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1780s Thomas Malthus
1890 U.S. Government declares frontier closed
1891 Forest Reserve Act (1891)
1892 John Muir (1892), preservationist
1892 Sierra Club
1900 Lacey Act (1900)
1900-1909 Theodore “Teddy” Roosevelt (early 1901-1909 The Golden Age of Conservation)
1902 Reclamation Act (1902)
1905 Audobon Society, founding of (1905)
1905 Gifford Pinchot (1905)
1906 Antiquities Act (1906)
1908 Svante Arhenius (1908)
1910 Alice Hamilton (1910?)
1916 Woodrow Wilson and National Park Service Act (1916)
1918 Migratory Bird Treaty Act (1918)
1930s Franklin D. Roosevelt (early 1930s stuff … think history class!)
1933 Civilian Conservation Corps (1933)
1933 Tennessee Valley Authority (1933?)
1934 Dust Bowl begins in Midwest (1934)
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Montreal Protocol (1987)
The Montreal Protocol on Substances that Deplete the Ozone Layer
is an international conformity designed to stop the degradation of the stratospheric ozone layer.
The treaty was first opened for signature on September 16, 1987 and was significantly amended in 1990 and 1992. Since its formal enactment on January 1, 1989, the Montreal Protocol has been ratified by almost 200 states around the world. Also the protocol has been amended many times by several different nations, for example: London (1990), Copenhagen (1992), Bangkok (1993), Vienna (1995), Montreal (1997), and Beijing (1999).
The Montreal Protocol was enacted in order to raise awareness and limit the production and use of ozone depleting substances, such as chlorofluorocarbons (CFC’s). Earth’s ozone layer, though we cannot see it, is possibly the greatest line o defense against the Sun.
As well as monitoring the production and use of CFC’s the protocol suggests safer alternatives for CFC usage, such as HCFC’s and HFC’s. These alternatives are meant to provide a safer option for the environment as well as maintaining the benefits received from CFC use.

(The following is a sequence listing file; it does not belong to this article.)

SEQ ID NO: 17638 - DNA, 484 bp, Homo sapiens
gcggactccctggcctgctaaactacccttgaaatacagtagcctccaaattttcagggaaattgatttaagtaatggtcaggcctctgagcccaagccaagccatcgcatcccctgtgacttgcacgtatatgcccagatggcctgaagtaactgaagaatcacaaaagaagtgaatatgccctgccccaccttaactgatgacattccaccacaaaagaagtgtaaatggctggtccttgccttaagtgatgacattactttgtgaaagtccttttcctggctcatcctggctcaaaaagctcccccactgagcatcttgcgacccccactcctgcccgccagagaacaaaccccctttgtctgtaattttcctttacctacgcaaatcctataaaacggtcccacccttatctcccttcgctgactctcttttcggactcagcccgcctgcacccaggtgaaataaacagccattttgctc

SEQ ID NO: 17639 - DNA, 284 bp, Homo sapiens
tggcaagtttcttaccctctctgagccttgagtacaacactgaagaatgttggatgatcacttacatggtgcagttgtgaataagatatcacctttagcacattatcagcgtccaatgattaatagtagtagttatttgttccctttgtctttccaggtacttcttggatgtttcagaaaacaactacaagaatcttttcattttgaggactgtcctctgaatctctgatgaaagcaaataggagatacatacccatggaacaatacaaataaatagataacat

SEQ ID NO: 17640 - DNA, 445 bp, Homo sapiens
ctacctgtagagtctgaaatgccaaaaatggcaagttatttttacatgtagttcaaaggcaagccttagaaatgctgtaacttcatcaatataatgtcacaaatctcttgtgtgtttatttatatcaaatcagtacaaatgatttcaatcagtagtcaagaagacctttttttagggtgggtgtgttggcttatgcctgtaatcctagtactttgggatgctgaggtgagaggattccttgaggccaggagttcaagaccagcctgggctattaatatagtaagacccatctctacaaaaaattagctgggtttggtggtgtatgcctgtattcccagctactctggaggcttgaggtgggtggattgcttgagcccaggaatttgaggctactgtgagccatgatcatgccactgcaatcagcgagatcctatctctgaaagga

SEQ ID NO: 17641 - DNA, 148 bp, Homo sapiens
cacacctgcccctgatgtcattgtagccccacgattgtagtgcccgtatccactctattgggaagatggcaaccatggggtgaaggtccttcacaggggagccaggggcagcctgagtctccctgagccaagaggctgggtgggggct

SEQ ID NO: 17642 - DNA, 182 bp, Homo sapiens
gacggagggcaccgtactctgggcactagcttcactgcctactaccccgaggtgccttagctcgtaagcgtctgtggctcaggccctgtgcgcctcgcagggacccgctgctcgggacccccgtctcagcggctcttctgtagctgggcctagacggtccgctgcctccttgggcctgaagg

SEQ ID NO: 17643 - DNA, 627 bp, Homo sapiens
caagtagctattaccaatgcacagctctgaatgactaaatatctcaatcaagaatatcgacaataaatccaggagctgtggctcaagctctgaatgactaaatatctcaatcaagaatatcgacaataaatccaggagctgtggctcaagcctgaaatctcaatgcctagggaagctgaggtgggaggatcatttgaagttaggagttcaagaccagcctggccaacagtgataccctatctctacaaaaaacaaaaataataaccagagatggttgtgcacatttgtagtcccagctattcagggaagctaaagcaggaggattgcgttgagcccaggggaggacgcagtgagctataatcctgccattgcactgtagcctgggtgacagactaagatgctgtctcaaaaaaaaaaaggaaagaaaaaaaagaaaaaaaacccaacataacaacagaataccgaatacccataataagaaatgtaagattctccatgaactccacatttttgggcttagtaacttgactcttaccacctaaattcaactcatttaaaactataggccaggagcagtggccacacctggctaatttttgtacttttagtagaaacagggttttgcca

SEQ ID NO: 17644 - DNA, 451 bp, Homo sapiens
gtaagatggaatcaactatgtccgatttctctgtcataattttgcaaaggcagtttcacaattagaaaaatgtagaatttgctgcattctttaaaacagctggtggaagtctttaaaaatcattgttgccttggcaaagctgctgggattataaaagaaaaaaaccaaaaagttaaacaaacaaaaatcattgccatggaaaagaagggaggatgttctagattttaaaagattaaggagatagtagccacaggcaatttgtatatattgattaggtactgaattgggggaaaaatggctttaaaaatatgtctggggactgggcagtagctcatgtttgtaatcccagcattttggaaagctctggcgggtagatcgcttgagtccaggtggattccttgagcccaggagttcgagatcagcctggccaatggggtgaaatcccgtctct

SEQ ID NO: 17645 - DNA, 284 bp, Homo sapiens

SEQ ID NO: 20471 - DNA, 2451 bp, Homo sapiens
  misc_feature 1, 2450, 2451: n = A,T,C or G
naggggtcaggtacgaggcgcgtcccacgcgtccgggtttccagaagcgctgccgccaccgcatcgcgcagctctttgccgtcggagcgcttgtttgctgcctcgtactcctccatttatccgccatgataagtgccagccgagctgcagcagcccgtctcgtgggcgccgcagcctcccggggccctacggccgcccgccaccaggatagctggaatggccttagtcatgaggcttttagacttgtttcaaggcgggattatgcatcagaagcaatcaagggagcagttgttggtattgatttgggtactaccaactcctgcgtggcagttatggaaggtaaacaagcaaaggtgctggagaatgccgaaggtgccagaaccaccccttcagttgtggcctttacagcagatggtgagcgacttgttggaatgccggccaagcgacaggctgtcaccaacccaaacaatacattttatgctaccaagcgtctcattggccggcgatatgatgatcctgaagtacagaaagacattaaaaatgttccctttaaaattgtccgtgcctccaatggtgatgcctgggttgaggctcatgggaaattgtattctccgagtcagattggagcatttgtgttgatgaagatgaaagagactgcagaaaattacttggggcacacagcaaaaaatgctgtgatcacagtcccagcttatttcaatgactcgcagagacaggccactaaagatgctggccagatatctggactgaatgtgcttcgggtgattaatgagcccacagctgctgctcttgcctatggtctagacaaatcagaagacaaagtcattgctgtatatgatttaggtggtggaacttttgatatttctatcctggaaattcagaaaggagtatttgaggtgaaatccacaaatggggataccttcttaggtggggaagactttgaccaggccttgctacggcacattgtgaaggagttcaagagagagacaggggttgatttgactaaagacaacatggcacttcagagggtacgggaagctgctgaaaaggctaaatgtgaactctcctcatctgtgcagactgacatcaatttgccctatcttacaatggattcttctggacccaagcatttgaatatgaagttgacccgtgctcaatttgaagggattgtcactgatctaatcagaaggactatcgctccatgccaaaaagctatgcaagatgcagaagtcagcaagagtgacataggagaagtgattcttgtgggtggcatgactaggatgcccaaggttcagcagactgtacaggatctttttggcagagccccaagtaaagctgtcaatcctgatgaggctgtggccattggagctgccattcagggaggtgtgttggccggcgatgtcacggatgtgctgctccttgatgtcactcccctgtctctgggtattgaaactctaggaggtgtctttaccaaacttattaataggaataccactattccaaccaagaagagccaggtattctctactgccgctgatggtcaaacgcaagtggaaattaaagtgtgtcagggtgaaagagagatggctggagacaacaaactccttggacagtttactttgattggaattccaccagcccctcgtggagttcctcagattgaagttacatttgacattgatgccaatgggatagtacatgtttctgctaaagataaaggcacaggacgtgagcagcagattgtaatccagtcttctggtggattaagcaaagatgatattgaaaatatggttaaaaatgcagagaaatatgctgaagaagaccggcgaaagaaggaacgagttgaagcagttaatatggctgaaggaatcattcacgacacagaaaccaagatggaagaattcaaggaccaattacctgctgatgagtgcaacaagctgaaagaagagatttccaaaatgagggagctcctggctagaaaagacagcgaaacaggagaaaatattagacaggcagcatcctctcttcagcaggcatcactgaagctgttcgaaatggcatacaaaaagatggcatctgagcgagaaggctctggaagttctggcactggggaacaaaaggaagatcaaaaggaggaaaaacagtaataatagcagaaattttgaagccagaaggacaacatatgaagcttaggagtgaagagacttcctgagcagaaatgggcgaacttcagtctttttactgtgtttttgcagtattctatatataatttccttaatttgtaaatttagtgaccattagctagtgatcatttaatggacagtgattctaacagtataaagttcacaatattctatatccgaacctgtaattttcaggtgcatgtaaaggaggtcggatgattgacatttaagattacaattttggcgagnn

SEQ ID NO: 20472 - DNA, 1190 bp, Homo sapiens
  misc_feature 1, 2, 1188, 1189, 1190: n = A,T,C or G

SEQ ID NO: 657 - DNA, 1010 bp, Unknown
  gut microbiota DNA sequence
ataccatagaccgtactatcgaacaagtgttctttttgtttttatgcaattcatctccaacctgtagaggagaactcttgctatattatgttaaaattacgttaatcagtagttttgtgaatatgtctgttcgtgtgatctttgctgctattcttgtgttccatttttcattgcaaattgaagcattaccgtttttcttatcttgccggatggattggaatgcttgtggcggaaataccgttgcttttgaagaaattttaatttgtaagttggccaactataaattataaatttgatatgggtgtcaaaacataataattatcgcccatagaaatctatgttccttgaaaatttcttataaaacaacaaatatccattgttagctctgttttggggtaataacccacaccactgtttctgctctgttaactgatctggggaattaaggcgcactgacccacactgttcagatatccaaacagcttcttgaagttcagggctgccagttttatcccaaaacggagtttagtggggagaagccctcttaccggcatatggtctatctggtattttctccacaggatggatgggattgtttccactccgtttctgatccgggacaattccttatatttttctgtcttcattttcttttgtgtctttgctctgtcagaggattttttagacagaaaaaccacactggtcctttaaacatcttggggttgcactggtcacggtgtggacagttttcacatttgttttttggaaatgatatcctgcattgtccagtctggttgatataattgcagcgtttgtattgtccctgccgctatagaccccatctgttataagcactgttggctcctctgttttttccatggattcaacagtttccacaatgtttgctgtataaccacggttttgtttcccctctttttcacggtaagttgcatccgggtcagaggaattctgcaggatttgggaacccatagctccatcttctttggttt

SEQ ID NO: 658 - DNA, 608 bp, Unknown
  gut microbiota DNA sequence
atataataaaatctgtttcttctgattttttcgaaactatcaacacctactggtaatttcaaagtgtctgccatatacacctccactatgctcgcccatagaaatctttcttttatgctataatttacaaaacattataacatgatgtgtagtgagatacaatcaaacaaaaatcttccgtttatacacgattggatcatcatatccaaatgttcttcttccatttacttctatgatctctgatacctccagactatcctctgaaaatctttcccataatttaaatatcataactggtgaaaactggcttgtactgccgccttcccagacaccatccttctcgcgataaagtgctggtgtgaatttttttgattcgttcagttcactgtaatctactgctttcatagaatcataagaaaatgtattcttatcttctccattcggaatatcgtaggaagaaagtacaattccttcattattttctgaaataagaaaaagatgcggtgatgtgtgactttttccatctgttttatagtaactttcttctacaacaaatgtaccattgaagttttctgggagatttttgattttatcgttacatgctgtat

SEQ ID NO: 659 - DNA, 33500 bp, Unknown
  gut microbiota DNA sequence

Without the ozone layer Earth would be completely exposed to the harmful UV rays that are emitted by the sun. Though it is powerful now, without the ozone layer the Sun would be deadly.
Other documents have been arranged based on the framework of the Montreal Protocol.
The Montreal Protocol has been successful since it’s enactment, the abundance of ozone depleting chemicals in the atmosphere has decreased.
The Montreal Protocol
On Substance that Deplete the Ozone Layer
By: Samantha Ansara
The Antarctic Ozone Hole
In 1987, the Montreal Protocol was when the ozone layer got thinner because of
pollution. The ozone layer helped us because it protected the Earth from harmful radiation, like ultraviolet. In the past 20 years, the EPA found a way to protect the ozone layer protecting the Earth. The reason that it was called the Montreal Protocol was because the gathered in Montreal, Canada, to celebrate their success on protecting the environment and human health.
Chlorofluorocarbons Depletes The Ozone Layer
20 years after it came into effect
Since they started the Montreal Protocol, the ozone layer has not been getting smaller. The Montreal Protocol slows the process. The Montreal Protocol takes away the depleting of the ozone layer. Chemicals caused it to deplete. They created a strong partnership with the Multilateral Fund, also known as MLF, to preserve human health and the environment by protecting the earth’s ozone layer. CFC's, also known as Chlorofluorocarbons, are depleting the Earth.
“The Montreal Protocol's ultimate success will be based on having created an enduring global commitment to stop producing and consuming substances that deplete the ozone layer. This commitment must be maintained across boundaries and by all peoples of the world. The sustainability of our efforts requires empowered partners for technical innovation, policy implementation and project management” (World Bank).
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